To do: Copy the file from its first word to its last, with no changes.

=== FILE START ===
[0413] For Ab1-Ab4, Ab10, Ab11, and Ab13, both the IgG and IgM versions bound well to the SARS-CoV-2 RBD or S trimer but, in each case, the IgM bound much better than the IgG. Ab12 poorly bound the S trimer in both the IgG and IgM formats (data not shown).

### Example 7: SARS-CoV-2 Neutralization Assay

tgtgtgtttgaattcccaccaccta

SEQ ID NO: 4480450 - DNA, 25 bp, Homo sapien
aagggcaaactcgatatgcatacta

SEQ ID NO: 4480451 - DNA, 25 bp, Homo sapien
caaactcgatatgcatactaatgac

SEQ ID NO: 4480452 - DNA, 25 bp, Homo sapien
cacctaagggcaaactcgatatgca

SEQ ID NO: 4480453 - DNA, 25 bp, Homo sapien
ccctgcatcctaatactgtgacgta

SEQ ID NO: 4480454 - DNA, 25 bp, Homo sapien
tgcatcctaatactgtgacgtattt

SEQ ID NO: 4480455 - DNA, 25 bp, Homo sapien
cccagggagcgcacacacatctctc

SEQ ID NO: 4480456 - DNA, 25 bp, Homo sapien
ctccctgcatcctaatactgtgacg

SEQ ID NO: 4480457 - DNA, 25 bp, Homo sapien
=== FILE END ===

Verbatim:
[0413] For Ab1-Ab4, Ab10, Ab11, and Ab13, both the IgG and IgM versions bound well to the SARS-CoV-2 RBD or S trimer but, in each case, the IgM bound much better than the IgG. Ab12 poorly bound the S trimer in both the IgG and IgM formats (data not shown).

### Example 7: SARS-CoV-2 Neutralization Assay

tgtgtgtttgaattcccaccaccta

SEQ ID NO: 4480450 - DNA, 25 bp, Homo sapien
aagggcaaactcgatatgcatacta

SEQ ID NO: 4480451 - DNA, 25 bp, Homo sapien
caaactcgatatgcatactaatgac

SEQ ID NO: 4480452 - DNA, 25 bp, Homo sapien
cacctaagggcaaactcgatatgca

SEQ ID NO: 4480453 - DNA, 25 bp, Homo sapien
ccctgcatcctaatactgtgacgta

SEQ ID NO: 4480454 - DNA, 25 bp, Homo sapien
tgcatcctaatactgtgacgtattt

SEQ ID NO: 4480455 - DNA, 25 bp, Homo sapien
cccagggagcgcacacacatctctc

SEQ ID NO: 4480456 - DNA, 25 bp, Homo sapien
ctccctgcatcctaatactgtgacg

SEQ ID NO: 4480457 - DNA, 25 bp, Homo sapien